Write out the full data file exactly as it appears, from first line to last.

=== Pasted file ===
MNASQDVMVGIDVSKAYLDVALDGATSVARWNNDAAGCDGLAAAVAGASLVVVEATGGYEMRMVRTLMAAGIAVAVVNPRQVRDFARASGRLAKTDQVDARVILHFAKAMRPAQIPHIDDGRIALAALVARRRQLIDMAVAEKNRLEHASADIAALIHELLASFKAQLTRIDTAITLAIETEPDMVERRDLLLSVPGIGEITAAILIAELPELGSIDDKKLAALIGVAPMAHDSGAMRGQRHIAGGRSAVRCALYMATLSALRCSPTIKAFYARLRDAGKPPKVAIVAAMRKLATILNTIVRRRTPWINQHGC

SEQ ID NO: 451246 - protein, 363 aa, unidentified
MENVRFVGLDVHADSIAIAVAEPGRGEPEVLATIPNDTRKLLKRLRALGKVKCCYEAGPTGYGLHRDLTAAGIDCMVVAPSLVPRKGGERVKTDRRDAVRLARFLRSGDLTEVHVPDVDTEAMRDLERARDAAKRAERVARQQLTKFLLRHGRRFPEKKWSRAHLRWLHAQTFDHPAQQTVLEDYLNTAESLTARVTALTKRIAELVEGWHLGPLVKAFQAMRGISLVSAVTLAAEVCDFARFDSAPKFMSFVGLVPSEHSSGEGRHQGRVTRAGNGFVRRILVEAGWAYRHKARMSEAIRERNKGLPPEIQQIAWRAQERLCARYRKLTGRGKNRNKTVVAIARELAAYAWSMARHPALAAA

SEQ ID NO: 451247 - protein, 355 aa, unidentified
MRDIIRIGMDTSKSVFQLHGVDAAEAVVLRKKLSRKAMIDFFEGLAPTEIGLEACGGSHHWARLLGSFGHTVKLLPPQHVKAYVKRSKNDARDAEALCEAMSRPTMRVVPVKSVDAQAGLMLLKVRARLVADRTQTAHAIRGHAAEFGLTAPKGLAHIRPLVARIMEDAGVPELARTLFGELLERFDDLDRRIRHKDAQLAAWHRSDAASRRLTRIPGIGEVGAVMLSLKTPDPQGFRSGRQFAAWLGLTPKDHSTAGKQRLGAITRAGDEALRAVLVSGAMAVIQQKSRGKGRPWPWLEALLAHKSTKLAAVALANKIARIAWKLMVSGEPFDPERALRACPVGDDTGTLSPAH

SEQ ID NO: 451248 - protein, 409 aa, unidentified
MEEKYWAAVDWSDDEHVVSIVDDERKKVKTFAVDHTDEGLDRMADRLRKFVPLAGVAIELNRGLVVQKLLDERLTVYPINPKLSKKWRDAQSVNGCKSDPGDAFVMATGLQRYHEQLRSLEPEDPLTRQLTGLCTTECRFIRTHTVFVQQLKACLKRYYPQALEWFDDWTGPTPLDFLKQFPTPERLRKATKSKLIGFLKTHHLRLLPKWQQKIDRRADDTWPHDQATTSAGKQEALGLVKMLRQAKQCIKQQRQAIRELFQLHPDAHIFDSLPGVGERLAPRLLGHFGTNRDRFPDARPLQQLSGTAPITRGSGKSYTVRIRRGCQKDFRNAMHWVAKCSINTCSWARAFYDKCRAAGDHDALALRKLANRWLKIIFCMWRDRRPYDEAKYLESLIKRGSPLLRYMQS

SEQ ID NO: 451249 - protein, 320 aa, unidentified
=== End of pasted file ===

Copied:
MNASQDVMVGIDVSKAYLDVALDGATSVARWNNDAAGCDGLAAAVAGASLVVVEATGGYEMRMVRTLMAAGIAVAVVNPRQVRDFARASGRLAKTDQVDARVILHFAKAMRPAQIPHIDDGRIALAALVARRRQLIDMAVAEKNRLEHASADIAALIHELLASFKAQLTRIDTAITLAIETEPDMVERRDLLLSVPGIGEITAAILIAELPELGSIDDKKLAALIGVAPMAHDSGAMRGQRHIAGGRSAVRCALYMATLSALRCSPTIKAFYARLRDAGKPPKVAIVAAMRKLATILNTIVRRRTPWINQHGC

SEQ ID NO: 451246 - protein, 363 aa, unidentified
MENVRFVGLDVHADSIAIAVAEPGRGEPEVLATIPNDTRKLLKRLRALGKVKCCYEAGPTGYGLHRDLTAAGIDCMVVAPSLVPRKGGERVKTDRRDAVRLARFLRSGDLTEVHVPDVDTEAMRDLERARDAAKRAERVARQQLTKFLLRHGRRFPEKKWSRAHLRWLHAQTFDHPAQQTVLEDYLNTAESLTARVTALTKRIAELVEGWHLGPLVKAFQAMRGISLVSAVTLAAEVCDFARFDSAPKFMSFVGLVPSEHSSGEGRHQGRVTRAGNGFVRRILVEAGWAYRHKARMSEAIRERNKGLPPEIQQIAWRAQERLCARYRKLTGRGKNRNKTVVAIARELAAYAWSMARHPALAAA

SEQ ID NO: 451247 - protein, 355 aa, unidentified
MRDIIRIGMDTSKSVFQLHGVDAAEAVVLRKKLSRKAMIDFFEGLAPTEIGLEACGGSHHWARLLGSFGHTVKLLPPQHVKAYVKRSKNDARDAEALCEAMSRPTMRVVPVKSVDAQAGLMLLKVRARLVADRTQTAHAIRGHAAEFGLTAPKGLAHIRPLVARIMEDAGVPELARTLFGELLERFDDLDRRIRHKDAQLAAWHRSDAASRRLTRIPGIGEVGAVMLSLKTPDPQGFRSGRQFAAWLGLTPKDHSTAGKQRLGAITRAGDEALRAVLVSGAMAVIQQKSRGKGRPWPWLEALLAHKSTKLAAVALANKIARIAWKLMVSGEPFDPERALRACPVGDDTGTLSPAH

SEQ ID NO: 451248 - protein, 409 aa, unidentified
MEEKYWAAVDWSDDEHVVSIVDDERKKVKTFAVDHTDEGLDRMADRLRKFVPLAGVAIELNRGLVVQKLLDERLTVYPINPKLSKKWRDAQSVNGCKSDPGDAFVMATGLQRYHEQLRSLEPEDPLTRQLTGLCTTECRFIRTHTVFVQQLKACLKRYYPQALEWFDDWTGPTPLDFLKQFPTPERLRKATKSKLIGFLKTHHLRLLPKWQQKIDRRADDTWPHDQATTSAGKQEALGLVKMLRQAKQCIKQQRQAIRELFQLHPDAHIFDSLPGVGERLAPRLLGHFGTNRDRFPDARPLQQLSGTAPITRGSGKSYTVRIRRGCQKDFRNAMHWVAKCSINTCSWARAFYDKCRAAGDHDALALRKLANRWLKIIFCMWRDRRPYDEAKYLESLIKRGSPLLRYMQS

SEQ ID NO: 451249 - protein, 320 aa, unidentified